“Coming out after the CryptoKitty boom, I noticed they are all variations of you owning some sort of an avatar (an image). I was looking what else could we tokenized,” Nenad Palinkasevic, one of the co-founders, told CoinDesk via email.
CryptoJingles are snippets of music that can be mixed together to make new pieces of music. There are 100 snippets of music that people can use to make jingles. Once a new combination has been made and recorded on the blockchain, it’s unique and no one else can make that combination. The creator owns it and can sell it on to others, as an NFT.
The project is not in active development but there have been a few super fans making lots of jingles. “There were 45 jingles created in total on our platform,” Palinkasevic said, without any marketing or promotion.
For this project, it’s important to start with zoological facts first: Pandas are the best mammal.
On the surface, Panda Earth might just look like CryptoKitties-but-pandas, except for one important difference: Some of the crypto pandas represent real world pandas tracked by the China Conservation and Research Center for Giant Pandas.
A spokesperson says it is a project that is “authorized” by the center, but the company didn’t respond to questions from CoinDesk about whether purchasing any of the pandas benefits their conservation at all.
Like CryptoKitties, these digital pandas breed. They breed more and more slowly over time, but that will reset every four years.
This post started when we discovered the CryptoTitties NFT (not to be confused with SpankChain’s side hustle of the same name, which is a way to directly pay women for posting their topless photos).
CryptoTitties, on the other hand, are cartoon boobs made by a development firm called 7th Wave.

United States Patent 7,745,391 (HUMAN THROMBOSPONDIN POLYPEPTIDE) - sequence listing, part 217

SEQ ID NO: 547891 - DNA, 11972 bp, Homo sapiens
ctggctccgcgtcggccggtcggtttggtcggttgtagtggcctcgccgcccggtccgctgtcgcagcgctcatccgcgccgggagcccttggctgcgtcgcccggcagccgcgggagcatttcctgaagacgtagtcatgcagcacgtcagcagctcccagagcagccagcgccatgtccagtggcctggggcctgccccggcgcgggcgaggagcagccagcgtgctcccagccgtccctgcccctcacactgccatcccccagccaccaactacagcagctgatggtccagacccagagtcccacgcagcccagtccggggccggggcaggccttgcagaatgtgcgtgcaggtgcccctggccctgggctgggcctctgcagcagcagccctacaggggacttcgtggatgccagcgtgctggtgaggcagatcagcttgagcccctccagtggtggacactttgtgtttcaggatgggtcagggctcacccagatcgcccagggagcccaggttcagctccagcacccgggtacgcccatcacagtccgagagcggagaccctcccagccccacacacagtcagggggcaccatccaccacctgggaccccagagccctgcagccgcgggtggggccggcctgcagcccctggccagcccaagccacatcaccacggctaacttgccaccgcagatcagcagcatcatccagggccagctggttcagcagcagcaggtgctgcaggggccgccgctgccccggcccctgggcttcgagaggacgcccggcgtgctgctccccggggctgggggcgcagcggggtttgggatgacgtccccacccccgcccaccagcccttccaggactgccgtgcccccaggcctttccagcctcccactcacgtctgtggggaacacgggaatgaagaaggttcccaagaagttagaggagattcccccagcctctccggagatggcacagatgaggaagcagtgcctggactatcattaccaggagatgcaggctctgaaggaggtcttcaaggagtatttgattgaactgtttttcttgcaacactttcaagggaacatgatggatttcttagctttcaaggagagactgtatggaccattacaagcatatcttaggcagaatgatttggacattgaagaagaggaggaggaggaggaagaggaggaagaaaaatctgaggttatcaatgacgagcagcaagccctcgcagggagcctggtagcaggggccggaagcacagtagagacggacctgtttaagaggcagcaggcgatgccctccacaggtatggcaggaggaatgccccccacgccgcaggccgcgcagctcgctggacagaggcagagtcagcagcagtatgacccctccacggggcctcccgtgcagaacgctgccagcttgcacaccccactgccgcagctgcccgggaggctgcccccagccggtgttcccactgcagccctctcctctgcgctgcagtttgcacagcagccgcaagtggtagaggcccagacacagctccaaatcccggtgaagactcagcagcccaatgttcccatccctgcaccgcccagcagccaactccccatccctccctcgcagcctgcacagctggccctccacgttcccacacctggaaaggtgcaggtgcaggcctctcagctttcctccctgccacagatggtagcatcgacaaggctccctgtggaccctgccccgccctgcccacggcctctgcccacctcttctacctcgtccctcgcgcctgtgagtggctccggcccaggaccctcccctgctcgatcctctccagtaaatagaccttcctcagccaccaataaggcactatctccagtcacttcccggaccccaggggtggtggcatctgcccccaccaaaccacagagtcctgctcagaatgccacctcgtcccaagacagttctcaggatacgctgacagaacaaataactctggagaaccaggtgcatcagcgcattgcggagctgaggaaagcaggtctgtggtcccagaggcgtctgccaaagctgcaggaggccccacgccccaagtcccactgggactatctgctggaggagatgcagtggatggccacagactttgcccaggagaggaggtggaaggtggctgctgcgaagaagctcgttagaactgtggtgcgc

“It was a spoof of CryptoKitties for fun,” Hami Gilbert, one of its founders, told CoinDesk in a Discord chat. Later, Gilbert’s mother got breast cancer and they decided to find a way to supply cannabis products to women with the disease.
Like CryptoKitties, these are cartoon avatars, but of breasts rather than cats. Fear not: there are both female-identifying and male-identifying boobs available. In fact, while the real-world variety tend to come in pairs, CryptoTitties are available in singleton to sextuplet sets.
Also, they come in as many colors as there are in a bag of Haribo gummy bears.
CryptoTitties has not caught the world on fire, though. Selling each one for as little as 0.05 ETH, the full set of available items totals 144. Only 32 have sold thus far, according to Gilbert.
Previously, 7th Wave tried to launch an ICO project called Wardz, but it didn’t succeed. CryptoTitties has gotten more traction, with a small community built around it. To spread the word about the project, they tried to run a “Motorboat Contest” where people would win an actual boat.
The idea is that CryptoTitty holders would pay 0.003 ETH to vote for their faves. The set that got the most votes would win a boat, but 70 percent of the proceeds would go to the charity (though they never established a specific partnership).
Sales were too low to justify the boat purchase, however, and it didn’t happen.
“I thought people would share to their friends to vote and that it would snowball,” Gilbert said. “But I think people are a bit more prude than that.”
Image via CryptoTitties.
The leader in blockchain news, CoinDesk is a media outlet that strives for the highest journalistic standards and abides by a strict set of editorial policies. CoinDesk is an independent operating subsidiary of Digital Currency Group, which invests in cryptocurrencies and blockchain startups.
In acknowledging Lee’s new advisory position, HTC tweeted:
“One small step for @SatoshiLite. One giant leap for blockchain.”
As previously reported by Cointelegraph, HTC is seeking to enter the crypto space with a mobile device that includes decentralized ledger technology (DLT), announcing the Exodus as “the first native blockchain phone” in May.
In June, the company clarified that the Exodus will instead contain a cryptocurrency wallet that will support Bitcoin (BTC) and Ethereum (ETH), as well as the LN and the popular gaming DApp CryptoKitties.
Lee’s tweet announcing his new role in HTC as an advisor also revealed that the Exodus would support both LTC and the Lightning Network “natively,” noting that he took on the advisory role as he “see[s] having a secure crypto phone that makes LN simple [as] needed for mass adoption.”